## Complex numbers. Imaginary part

z1 = x + iy
z2 = x - iy
(Complex conjugate)

Find:
Im (1/z1)

This is what I have tried to do:

(1) z1*z2 = x^2 + y^2

(2) z2 / (x^2 + y^2) = 1 / z1

-y / (x^2 + y^2) = Im (1 / z1)

So my question is:
Can I change z2 to Im (z2) and z1 to Im (z1) in equation (2)?

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 They want the coefficient of i or Im(1/z) i.e $$\frac{1}{x+iy}$$ What was/are ur thoughts???[8)]
 oops, read another post and found that it would be wise to post my work. And i reckoned that no-one would have had the time to reply so i just edited my post. But do my new post clarify anything?

## Complex numbers. Imaginary part

No u can't change them that ways. It will defy all the properties of complex number

 fannemel, I think your work is correct. Because, if 2 numbers are equal, then their imaginary parts are equal.
 Recognitions: Gold Member Science Advisor Staff Emeritus Yes, fannemel, you are entirely correct. Given z = x + iy, Im(1/z) is indeed -y / (x^2 + y^2). - Warren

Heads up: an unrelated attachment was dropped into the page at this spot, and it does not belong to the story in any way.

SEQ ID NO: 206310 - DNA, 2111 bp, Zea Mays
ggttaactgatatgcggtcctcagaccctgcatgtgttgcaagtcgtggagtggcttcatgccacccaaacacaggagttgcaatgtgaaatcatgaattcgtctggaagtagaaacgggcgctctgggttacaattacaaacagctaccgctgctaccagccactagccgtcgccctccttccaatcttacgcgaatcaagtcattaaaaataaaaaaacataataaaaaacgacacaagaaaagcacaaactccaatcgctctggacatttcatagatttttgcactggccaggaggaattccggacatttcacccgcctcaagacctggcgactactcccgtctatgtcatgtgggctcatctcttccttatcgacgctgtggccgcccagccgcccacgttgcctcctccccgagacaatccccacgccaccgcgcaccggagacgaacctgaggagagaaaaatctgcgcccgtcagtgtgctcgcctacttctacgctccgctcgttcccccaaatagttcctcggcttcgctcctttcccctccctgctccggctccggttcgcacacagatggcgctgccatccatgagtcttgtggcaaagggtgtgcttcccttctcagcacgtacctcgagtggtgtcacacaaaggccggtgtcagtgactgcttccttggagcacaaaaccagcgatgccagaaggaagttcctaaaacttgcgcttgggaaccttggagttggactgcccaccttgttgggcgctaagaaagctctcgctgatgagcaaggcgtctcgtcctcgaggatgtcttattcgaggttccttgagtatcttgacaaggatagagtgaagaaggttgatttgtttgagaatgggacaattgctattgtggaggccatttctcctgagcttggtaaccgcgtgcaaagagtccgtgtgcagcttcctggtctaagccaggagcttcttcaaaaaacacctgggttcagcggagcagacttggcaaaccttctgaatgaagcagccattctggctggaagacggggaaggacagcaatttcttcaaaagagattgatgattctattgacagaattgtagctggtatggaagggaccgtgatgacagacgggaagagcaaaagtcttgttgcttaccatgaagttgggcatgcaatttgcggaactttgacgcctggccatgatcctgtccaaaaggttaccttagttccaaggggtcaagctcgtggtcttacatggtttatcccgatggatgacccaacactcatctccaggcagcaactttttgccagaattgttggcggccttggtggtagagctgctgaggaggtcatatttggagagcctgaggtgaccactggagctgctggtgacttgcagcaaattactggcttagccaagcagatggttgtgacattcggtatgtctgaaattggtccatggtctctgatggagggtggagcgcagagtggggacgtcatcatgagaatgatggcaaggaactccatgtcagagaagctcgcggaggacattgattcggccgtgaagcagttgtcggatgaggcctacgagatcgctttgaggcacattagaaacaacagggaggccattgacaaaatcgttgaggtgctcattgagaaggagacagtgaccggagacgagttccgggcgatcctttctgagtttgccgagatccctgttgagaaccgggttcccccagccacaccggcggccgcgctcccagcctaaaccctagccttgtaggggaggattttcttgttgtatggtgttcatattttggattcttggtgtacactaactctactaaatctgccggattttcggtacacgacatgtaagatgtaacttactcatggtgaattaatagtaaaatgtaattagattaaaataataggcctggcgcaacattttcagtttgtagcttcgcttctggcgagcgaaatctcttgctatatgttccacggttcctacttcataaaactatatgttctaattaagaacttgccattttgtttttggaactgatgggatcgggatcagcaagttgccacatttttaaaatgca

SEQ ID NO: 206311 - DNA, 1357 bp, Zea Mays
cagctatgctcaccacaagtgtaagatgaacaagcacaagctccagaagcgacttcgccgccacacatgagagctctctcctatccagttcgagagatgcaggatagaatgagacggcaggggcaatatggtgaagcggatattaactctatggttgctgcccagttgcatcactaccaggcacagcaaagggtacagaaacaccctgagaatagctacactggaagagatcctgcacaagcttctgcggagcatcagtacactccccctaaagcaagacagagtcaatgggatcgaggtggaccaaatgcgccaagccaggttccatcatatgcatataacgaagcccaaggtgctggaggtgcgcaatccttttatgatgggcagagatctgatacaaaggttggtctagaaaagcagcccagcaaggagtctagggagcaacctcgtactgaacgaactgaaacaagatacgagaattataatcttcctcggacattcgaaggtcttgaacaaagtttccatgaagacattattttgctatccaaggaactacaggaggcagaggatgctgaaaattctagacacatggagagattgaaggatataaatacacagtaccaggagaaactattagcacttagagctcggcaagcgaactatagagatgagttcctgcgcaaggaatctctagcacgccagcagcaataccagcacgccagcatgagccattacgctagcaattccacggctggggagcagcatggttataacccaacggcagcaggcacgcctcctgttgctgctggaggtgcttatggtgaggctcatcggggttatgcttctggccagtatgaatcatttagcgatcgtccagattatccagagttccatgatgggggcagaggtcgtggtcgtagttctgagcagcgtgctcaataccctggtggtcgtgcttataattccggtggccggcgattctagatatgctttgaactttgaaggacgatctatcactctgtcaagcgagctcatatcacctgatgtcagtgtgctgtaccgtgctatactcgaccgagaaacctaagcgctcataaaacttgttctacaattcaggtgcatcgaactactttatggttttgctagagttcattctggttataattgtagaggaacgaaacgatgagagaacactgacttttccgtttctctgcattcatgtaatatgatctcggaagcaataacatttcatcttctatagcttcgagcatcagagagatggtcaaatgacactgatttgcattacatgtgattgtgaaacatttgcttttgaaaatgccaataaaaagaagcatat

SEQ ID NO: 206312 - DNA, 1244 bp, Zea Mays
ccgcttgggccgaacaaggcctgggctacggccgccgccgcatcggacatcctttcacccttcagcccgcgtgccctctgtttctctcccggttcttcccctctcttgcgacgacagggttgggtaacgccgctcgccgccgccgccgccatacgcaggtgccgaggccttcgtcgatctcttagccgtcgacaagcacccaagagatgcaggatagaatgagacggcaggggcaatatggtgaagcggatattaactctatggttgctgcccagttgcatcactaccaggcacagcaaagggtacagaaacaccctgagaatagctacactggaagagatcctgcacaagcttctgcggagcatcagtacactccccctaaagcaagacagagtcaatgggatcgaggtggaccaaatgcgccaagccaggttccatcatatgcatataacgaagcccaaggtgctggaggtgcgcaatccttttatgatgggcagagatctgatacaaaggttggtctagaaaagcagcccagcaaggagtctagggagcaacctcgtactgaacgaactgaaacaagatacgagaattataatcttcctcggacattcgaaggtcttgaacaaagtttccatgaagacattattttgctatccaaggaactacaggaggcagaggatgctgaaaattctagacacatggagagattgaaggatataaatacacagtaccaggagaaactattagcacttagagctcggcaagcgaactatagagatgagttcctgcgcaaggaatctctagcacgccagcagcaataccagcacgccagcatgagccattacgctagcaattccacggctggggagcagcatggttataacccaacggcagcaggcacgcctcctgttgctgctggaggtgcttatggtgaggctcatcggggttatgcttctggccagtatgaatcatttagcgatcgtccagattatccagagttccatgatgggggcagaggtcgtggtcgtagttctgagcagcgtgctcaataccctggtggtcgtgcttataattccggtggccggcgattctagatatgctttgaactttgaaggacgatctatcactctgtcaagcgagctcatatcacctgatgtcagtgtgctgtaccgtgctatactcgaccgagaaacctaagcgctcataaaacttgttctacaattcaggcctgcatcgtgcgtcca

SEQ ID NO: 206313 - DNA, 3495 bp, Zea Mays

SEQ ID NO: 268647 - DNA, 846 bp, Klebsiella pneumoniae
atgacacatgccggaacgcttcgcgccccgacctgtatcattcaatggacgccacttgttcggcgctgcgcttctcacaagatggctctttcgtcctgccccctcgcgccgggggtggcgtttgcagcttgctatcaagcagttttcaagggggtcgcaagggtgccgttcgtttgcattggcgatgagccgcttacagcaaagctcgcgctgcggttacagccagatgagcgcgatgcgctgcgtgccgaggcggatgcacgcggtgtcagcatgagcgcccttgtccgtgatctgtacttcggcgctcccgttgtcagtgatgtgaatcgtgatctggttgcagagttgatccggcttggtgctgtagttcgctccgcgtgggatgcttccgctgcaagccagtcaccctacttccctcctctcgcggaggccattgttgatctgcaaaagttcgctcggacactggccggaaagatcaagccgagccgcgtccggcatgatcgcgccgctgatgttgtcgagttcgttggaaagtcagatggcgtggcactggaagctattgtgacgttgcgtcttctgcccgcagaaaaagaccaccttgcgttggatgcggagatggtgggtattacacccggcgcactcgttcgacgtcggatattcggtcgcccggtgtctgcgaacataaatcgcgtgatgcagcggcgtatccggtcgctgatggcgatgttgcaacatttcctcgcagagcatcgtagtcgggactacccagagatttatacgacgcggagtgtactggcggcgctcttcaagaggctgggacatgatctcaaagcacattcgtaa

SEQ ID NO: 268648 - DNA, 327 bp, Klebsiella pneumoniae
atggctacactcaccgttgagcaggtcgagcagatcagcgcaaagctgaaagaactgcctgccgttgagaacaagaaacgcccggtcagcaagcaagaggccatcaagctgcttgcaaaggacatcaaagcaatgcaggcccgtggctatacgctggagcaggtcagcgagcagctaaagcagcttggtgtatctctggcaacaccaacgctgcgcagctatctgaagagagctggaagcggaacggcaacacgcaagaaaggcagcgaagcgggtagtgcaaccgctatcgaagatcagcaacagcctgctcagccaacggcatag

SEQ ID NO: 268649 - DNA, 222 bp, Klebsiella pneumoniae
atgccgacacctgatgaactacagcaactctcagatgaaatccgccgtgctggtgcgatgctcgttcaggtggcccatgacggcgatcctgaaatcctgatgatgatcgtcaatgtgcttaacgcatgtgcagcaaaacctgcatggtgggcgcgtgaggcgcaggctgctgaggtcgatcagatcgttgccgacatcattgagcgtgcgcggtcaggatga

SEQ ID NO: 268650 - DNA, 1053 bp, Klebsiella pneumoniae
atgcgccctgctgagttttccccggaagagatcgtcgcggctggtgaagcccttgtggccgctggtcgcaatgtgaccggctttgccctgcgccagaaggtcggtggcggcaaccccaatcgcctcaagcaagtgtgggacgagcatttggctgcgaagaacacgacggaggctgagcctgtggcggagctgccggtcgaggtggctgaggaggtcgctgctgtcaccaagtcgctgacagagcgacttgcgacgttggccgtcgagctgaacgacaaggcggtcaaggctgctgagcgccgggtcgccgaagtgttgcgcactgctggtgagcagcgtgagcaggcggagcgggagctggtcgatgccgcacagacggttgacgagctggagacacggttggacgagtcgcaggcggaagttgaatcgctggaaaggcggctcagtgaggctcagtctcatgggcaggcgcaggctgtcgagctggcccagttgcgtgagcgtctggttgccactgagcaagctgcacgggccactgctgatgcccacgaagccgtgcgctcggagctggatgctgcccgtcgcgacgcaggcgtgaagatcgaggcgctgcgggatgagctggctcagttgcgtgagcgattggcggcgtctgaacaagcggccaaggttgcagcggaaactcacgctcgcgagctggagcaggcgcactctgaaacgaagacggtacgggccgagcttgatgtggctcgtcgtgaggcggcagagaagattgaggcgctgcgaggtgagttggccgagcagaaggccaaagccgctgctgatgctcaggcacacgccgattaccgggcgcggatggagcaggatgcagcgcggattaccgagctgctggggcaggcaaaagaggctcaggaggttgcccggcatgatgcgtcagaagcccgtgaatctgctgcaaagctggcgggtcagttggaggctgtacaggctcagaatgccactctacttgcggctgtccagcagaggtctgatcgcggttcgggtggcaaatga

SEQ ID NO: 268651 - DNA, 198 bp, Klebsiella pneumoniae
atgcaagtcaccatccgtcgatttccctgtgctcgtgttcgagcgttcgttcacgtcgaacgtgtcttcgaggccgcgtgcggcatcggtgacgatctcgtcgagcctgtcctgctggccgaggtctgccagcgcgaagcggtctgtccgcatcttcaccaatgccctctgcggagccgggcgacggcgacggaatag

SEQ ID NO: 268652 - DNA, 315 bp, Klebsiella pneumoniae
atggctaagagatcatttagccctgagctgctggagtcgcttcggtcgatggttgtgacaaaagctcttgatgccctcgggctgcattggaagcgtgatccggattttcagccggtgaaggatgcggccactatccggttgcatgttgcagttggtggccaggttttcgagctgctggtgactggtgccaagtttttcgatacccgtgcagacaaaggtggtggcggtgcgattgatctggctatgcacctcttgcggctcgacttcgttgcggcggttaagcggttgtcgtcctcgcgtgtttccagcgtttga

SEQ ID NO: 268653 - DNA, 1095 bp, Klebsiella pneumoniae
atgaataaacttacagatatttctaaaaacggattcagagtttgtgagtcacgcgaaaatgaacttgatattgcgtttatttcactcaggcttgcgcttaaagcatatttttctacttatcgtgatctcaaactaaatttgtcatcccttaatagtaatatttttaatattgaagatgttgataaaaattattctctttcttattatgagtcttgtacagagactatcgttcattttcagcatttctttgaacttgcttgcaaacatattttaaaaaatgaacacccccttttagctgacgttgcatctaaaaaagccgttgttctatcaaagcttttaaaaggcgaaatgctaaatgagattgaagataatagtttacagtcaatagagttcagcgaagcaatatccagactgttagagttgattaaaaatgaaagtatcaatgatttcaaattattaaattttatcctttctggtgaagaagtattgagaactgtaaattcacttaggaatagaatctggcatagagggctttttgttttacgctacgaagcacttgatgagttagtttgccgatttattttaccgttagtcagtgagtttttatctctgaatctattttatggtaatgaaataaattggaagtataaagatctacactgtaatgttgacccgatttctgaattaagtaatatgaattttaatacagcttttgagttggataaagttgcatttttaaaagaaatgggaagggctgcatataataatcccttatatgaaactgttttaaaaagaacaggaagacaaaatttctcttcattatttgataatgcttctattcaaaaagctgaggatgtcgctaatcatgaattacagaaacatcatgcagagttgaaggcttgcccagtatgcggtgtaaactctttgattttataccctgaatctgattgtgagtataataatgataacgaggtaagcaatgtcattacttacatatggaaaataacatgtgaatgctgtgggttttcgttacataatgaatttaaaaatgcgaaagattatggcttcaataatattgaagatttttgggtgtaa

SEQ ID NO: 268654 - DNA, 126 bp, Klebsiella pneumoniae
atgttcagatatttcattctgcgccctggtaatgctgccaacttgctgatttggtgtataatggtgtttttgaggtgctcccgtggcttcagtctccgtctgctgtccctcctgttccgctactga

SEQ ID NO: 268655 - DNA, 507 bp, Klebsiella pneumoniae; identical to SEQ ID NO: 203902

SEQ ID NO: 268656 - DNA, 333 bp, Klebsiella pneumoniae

Originally posted by chroot Yes, fannemel, you are entirely correct. Given z = x + iy, Im(1/z) is indeed -y / (x^2 + y^2). - Warren
His Questions is
 So my question is: Can I change z2 to Im (z2) and z1 to Im (z1) in equation (2)?
i.e.
$$\frac{Im_{z2}}{x^2 + y^2} = \frac{1}{Im_{z1}}$$
Which is not true

 what about $$\frac{Im_{z2}}{x^2 + y^2} = Im [\frac{1}{z1}]$$ Would that be any better? For me that would equal: $${\frac{-y}{x^2 + y^2} = Im [\frac{1}{z1}]$$ since $$Im_{z2} = -y$$
 Yes that is absolutely correct. You get the imaginary part of the reciprocal of z1, not z1

Recognitions:
Gold Member
 what about $$\frac{Im{z_2}}{x^2 + y^2} = Im [\frac{1}{z1}]$$ Would that be any better? For me that would equal: $${\frac{-y}{x^2 + y^2} = Im [\frac{1}{z1}]$$ since $$Im{z_2} = -y$$
That is true because $$x^2+ y^2$$ is a real number.
It would be far better for you to replace $$z_1$$ and $$z_2$$ by x+iy and x-iy right from the start:
$$\frac{1}{z_1}= \frac{1}{x+iy}$$. Now multiply both numerator and denominator by x- iy to get $$\frac{(1)(x- iy)}{(x+iy)(x-iy)}= \frac{x- iy}{x^2+ y^2}= $$\frac{x}{x^2+y^2}$$-$$\frac{y}{x^2+y^2}$$i$$ so that it is obvious that the real part is $$\frac{x}{x^2+y^2}$$ and the imaginary part is $$\frac{-y}{x^2+y^2}$$.